Here, we can draw on an emergent literature on ‘innovation and inclusive development’. Until recently, the poor hardly featured in innovation studies, but there has been a rapid growth of interest since 2006, reflected in research on innovation for social inclusion, inclusive innovation, below the radar innovation, grassroots innovation and so on. Although it is difficult to categorise neatly the differing perspectives emerging, three competing trends or notions of development are evident: business as usual (typical in bottom of the pyramid approaches), reform (typical in inclusive growth approaches), and transformation. The transformation strand questions prevailing models, in relation to the issues of social exclusion, marginalization and inequality in low income or highly unequal middle income economies. It questions how knowledge and innovation processes can include the demands, perspectives and knowledge bases of poor and marginalised communities. Innovation for Inclusive Development (IID) can thus be defined as “innovation that aims to reduce poverty and enables as many groups of people, especially the poor and marginalized, to participate in decision-making, create and actualize opportunities, and share the benefits of development” (IDRC 2011). These transformation imperatives raise a different set of issues for university transformation, and challenge the ways in which universities give effect to the commitment to community engagement as their third mission. Interaction with marginalised communities has traditionally been addressed through a paradigm of community service or community engagement, rather than the paradigm of innovation and technology development. How can an IID approach inform the roles and missions of South African universities as they respond to the challenges of equitable socio-economic development? Is an IID focus possible for all types of universities in the differentiated university system? What changes may be required to universities’ missions, identities of the academics, and to institutional policies, structures and mechanisms? Where and in what ways do universities need support?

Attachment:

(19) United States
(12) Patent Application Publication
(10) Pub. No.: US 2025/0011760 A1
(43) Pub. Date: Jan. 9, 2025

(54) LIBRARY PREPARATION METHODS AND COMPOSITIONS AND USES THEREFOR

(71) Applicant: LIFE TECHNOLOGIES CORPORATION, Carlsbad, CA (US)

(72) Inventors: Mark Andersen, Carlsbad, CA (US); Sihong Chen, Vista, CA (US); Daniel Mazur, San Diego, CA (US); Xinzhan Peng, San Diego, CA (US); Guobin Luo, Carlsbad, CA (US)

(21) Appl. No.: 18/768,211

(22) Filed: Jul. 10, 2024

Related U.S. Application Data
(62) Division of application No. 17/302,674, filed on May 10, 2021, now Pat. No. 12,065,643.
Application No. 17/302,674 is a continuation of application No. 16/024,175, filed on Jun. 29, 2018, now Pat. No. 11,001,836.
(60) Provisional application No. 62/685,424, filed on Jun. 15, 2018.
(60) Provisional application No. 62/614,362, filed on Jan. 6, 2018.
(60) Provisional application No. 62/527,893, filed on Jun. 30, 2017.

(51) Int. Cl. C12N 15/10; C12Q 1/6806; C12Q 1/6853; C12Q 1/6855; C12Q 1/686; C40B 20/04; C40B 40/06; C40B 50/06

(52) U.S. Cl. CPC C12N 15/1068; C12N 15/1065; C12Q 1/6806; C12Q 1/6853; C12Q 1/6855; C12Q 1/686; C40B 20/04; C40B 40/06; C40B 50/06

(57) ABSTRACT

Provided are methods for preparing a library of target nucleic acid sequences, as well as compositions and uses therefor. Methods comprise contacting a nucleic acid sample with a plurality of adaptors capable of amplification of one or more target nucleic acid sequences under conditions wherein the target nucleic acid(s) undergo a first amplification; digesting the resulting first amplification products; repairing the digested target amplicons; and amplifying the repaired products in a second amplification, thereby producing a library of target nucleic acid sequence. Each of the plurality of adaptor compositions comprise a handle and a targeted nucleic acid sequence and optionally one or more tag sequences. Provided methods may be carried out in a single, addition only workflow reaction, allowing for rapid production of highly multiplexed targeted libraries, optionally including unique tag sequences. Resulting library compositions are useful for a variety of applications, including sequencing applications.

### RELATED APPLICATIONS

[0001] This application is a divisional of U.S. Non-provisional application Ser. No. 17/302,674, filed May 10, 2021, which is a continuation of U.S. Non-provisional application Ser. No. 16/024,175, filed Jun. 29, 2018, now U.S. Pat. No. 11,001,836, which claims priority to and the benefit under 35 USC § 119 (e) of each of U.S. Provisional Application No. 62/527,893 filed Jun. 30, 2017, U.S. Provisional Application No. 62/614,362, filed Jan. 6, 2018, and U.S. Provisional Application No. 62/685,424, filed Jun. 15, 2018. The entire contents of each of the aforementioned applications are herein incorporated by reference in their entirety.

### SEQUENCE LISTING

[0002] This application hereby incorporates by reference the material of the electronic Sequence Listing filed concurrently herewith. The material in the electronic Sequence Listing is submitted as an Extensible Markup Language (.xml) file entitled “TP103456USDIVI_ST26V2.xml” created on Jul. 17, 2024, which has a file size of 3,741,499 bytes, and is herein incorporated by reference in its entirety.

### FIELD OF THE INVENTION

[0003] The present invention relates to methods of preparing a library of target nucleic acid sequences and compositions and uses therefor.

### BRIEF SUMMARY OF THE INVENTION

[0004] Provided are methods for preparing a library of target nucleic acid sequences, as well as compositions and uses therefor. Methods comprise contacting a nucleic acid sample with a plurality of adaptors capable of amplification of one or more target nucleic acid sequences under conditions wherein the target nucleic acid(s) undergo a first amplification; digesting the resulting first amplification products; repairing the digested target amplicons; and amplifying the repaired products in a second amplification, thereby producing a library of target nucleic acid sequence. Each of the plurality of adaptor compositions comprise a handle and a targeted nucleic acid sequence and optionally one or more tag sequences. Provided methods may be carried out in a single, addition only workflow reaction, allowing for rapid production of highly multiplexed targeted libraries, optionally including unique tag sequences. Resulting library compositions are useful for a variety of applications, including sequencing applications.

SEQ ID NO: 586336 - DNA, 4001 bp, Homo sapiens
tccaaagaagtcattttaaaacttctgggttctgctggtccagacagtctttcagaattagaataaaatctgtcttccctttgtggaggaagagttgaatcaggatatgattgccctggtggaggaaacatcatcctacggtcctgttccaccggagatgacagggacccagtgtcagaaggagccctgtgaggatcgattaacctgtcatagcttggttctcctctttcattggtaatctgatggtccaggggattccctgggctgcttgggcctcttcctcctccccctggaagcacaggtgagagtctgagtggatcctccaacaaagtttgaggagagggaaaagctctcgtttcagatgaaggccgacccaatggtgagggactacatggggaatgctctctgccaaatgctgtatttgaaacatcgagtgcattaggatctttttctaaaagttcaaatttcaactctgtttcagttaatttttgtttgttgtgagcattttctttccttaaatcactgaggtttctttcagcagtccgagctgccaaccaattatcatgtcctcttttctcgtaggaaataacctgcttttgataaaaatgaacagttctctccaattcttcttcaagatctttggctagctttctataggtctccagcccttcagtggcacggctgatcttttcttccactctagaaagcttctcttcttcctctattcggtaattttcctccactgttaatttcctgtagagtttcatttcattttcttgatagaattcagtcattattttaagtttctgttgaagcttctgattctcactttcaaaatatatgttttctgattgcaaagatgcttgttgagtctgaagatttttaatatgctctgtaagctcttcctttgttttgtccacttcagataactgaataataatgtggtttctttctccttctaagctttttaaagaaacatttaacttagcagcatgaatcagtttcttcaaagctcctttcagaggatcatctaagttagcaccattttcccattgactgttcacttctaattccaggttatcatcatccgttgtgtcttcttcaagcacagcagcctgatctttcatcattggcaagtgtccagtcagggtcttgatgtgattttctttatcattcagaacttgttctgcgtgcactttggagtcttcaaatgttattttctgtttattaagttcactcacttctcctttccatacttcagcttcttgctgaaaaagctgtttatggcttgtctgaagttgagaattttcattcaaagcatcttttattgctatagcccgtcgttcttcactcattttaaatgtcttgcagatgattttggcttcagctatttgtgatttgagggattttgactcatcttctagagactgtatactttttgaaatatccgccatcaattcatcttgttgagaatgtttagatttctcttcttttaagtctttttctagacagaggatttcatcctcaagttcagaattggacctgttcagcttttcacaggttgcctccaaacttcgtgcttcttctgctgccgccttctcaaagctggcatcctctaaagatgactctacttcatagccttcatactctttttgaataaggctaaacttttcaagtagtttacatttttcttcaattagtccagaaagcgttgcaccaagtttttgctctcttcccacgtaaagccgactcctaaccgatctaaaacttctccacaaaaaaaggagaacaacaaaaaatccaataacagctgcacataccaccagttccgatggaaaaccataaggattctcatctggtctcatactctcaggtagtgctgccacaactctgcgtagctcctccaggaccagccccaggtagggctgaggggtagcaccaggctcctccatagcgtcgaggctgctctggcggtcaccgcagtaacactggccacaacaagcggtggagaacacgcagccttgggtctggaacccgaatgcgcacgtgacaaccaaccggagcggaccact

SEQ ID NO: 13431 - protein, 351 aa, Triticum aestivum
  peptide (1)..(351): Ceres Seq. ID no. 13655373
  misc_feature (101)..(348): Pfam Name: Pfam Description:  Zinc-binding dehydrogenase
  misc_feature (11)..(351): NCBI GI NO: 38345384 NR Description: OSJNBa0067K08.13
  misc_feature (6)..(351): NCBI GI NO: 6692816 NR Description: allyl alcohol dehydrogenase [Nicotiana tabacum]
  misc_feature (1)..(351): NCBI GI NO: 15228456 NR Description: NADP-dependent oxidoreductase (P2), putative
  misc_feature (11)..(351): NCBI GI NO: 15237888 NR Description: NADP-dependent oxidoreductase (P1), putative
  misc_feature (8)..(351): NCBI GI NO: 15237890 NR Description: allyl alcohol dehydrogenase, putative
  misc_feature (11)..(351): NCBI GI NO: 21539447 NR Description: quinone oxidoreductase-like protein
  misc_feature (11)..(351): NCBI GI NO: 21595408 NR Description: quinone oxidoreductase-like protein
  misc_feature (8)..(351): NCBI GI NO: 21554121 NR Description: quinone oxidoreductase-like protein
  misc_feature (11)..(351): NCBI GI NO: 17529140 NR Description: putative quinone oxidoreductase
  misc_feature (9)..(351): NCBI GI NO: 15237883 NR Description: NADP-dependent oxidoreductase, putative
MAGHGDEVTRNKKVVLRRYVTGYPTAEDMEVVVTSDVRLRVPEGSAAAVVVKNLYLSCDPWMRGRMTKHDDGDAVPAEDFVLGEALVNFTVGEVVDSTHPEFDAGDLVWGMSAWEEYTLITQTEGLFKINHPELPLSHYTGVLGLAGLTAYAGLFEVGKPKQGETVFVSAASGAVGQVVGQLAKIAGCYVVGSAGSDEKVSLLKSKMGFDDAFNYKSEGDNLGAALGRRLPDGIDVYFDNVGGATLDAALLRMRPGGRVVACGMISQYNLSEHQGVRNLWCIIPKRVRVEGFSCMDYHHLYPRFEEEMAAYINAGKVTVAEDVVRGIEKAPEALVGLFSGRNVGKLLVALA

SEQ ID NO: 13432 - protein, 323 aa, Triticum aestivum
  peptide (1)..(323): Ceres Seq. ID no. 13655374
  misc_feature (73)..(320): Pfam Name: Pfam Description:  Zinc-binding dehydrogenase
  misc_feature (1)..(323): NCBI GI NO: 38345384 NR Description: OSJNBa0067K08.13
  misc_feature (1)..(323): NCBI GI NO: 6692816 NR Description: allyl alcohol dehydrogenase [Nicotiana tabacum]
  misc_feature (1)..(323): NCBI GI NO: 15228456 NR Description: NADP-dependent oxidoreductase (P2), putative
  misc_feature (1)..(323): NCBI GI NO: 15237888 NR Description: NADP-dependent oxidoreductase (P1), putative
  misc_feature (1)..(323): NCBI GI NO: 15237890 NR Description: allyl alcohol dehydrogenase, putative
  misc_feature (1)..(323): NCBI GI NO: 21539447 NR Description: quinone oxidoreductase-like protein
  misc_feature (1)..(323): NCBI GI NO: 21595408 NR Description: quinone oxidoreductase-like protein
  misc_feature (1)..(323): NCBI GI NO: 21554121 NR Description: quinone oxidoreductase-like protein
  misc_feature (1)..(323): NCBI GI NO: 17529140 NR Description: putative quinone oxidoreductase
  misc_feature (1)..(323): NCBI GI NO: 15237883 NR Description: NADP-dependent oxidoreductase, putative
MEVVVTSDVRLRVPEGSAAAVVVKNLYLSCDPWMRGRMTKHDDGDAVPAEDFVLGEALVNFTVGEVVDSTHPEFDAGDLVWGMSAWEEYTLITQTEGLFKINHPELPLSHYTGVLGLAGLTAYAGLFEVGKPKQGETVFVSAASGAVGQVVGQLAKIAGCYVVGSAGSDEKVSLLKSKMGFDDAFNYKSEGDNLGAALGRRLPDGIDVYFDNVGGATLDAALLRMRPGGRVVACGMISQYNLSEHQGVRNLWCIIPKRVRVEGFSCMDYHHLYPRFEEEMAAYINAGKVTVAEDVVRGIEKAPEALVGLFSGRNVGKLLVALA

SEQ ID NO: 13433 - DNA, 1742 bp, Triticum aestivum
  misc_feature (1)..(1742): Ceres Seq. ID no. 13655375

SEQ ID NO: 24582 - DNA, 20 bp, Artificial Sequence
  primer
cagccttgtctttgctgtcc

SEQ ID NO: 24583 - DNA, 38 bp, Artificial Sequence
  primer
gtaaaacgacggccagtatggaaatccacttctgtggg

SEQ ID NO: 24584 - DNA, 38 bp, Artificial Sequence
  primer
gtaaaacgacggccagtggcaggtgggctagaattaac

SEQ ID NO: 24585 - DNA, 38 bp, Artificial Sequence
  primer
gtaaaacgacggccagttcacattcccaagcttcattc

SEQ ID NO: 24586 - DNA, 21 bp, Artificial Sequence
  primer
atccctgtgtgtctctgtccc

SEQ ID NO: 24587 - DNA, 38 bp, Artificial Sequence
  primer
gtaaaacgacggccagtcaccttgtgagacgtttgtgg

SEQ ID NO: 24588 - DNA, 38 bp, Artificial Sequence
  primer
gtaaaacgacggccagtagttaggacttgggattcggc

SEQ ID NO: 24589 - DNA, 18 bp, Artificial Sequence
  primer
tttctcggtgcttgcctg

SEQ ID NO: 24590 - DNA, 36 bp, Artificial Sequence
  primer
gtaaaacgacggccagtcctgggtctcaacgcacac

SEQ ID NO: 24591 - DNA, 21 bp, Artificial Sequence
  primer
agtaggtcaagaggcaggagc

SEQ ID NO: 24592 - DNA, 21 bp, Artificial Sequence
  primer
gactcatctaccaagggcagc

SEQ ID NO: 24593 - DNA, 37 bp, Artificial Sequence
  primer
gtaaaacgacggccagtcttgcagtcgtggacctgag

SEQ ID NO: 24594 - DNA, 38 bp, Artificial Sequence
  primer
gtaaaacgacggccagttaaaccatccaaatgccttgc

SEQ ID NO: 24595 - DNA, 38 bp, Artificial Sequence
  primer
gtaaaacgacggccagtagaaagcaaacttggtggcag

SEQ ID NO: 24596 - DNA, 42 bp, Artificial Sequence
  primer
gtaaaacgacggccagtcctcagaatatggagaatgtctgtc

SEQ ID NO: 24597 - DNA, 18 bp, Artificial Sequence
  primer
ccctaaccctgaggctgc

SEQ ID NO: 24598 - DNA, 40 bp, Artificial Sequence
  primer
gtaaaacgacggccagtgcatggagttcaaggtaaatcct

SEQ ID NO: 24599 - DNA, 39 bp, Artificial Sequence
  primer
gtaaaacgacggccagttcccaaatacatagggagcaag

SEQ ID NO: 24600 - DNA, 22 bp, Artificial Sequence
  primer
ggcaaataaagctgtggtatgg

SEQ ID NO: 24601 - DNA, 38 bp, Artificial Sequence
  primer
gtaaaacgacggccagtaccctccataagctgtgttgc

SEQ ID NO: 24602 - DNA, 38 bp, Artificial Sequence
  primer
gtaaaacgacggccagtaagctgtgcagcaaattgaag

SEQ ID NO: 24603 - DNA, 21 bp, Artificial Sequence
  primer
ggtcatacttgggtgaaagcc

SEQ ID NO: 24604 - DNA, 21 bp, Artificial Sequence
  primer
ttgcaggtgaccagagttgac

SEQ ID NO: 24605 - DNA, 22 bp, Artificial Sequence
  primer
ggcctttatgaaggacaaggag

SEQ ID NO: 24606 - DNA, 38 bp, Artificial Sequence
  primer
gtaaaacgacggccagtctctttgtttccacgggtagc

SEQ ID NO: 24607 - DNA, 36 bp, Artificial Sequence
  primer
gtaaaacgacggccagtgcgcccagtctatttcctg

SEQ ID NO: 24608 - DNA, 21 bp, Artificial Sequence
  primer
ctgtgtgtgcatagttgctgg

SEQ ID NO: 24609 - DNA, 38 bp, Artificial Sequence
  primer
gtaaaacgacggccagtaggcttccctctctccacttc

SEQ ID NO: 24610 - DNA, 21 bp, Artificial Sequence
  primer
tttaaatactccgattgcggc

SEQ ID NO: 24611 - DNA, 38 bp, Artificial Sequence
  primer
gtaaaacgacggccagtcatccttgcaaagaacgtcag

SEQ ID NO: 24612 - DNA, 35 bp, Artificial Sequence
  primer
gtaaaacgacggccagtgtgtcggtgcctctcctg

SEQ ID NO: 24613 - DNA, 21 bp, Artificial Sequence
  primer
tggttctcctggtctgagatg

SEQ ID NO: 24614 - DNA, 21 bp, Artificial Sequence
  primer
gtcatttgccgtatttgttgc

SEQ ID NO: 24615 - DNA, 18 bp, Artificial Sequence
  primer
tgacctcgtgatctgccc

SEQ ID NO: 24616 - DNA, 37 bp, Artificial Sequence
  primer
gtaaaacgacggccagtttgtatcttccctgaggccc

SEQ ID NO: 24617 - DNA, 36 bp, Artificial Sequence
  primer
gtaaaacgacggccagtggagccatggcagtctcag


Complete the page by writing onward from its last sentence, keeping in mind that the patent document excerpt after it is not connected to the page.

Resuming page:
Aims and objectives of the workshop
The workshop will bring together leadership, researchers and policy actors in the university, innovation and development spaces to debate the role of universities in IID. It proposes to generate evidence-based advice to inform a new Innovation for Inclusive Development Strategy. What does an IID approach mean, and how can it add to strategic policy at the national and organisational levels?
The aim of the workshop is to address the following objectives:
- Debate the concepts and policy frameworks emerging globally to orient knowledge production and innovation towards socio-economic inclusion and development.
- Consider whether different types of universities should play distinctive roles in inclusive development.